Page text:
Sepsis is a life-threatening syndrome caused by abnormal host immune responses against bacterial infection. Although innate immune cells are known to be important in the pathogenesis of sepsis, how their activation is regulated during sepsis remains incompletely understood. Here, we examined the role of the inhibitory immunoreceptor CD300a, which is expressed on various types of myeloid cells, in the pathogenesis of sepsis induced by cecal ligation and puncture (CLP). To this end, we used mice in which CD300a was specifically deleted on mast cells (MCs; Cd300a fl/fl Mcpt5-Cre), dendritic cells (DCs; Cd300a fl/fl Itgax-Cre), or macrophages and neutrophils (Cd300a fl/fl Lyz2-Cre). We show that mice with CD300a-deleted MCs or DCs but not macrophages survived significantly longer than did control Cd300a fl/fl mice. In addition, whereas neutrophil recruitment into the peritoneal cavity was increased within 1 h after CLP in mice with CD300a-deleted MCs, peritoneal neutrophils did not increase in number until the 12 h time point in mice with CD300a-deficient DCs. These results indicate that CD300a on MCs and DCs regulates neutrophil recruitment into the peritoneal cavity after CLP.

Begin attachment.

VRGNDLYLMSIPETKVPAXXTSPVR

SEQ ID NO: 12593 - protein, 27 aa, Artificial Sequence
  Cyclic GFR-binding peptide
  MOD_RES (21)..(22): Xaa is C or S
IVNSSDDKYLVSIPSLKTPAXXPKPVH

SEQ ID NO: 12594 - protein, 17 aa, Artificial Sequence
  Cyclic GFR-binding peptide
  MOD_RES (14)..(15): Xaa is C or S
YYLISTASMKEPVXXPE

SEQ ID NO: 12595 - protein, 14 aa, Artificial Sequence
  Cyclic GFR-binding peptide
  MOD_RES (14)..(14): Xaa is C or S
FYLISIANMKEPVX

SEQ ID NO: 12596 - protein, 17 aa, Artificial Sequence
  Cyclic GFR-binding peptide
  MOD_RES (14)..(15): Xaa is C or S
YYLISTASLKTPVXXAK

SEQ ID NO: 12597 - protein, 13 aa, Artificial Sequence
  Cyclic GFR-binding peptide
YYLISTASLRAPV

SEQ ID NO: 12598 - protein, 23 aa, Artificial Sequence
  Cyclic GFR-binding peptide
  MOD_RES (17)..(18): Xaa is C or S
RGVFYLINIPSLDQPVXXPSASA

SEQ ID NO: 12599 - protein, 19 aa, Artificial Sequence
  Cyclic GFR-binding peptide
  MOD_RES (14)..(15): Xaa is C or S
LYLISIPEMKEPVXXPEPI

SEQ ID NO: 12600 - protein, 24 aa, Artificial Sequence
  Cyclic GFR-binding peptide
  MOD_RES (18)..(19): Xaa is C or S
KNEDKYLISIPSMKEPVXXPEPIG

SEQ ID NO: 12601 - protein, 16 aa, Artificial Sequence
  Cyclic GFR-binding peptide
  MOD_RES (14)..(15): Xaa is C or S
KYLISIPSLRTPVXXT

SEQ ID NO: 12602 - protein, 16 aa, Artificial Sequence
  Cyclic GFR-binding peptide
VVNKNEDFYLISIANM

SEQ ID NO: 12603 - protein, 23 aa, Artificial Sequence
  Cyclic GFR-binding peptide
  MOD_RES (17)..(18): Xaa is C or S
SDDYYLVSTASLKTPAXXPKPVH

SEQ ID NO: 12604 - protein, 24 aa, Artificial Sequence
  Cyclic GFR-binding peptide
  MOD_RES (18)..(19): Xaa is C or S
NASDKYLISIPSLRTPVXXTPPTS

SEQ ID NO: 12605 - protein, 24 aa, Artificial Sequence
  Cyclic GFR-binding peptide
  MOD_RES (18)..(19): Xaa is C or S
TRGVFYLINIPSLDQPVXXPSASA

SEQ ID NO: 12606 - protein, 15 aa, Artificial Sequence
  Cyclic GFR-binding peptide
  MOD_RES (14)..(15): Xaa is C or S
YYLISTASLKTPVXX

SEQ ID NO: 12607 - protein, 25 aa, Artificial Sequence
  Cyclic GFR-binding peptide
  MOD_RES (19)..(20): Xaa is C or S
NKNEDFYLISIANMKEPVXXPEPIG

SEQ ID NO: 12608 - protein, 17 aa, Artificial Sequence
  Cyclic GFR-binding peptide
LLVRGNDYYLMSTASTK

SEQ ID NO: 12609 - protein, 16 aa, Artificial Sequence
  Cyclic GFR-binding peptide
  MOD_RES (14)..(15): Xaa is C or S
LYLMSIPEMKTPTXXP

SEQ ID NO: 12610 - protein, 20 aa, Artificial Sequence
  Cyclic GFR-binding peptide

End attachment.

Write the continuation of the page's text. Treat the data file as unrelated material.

Keywords: CD300a; cecal ligation and puncture; dendritic cells; mast cells; sepsis.
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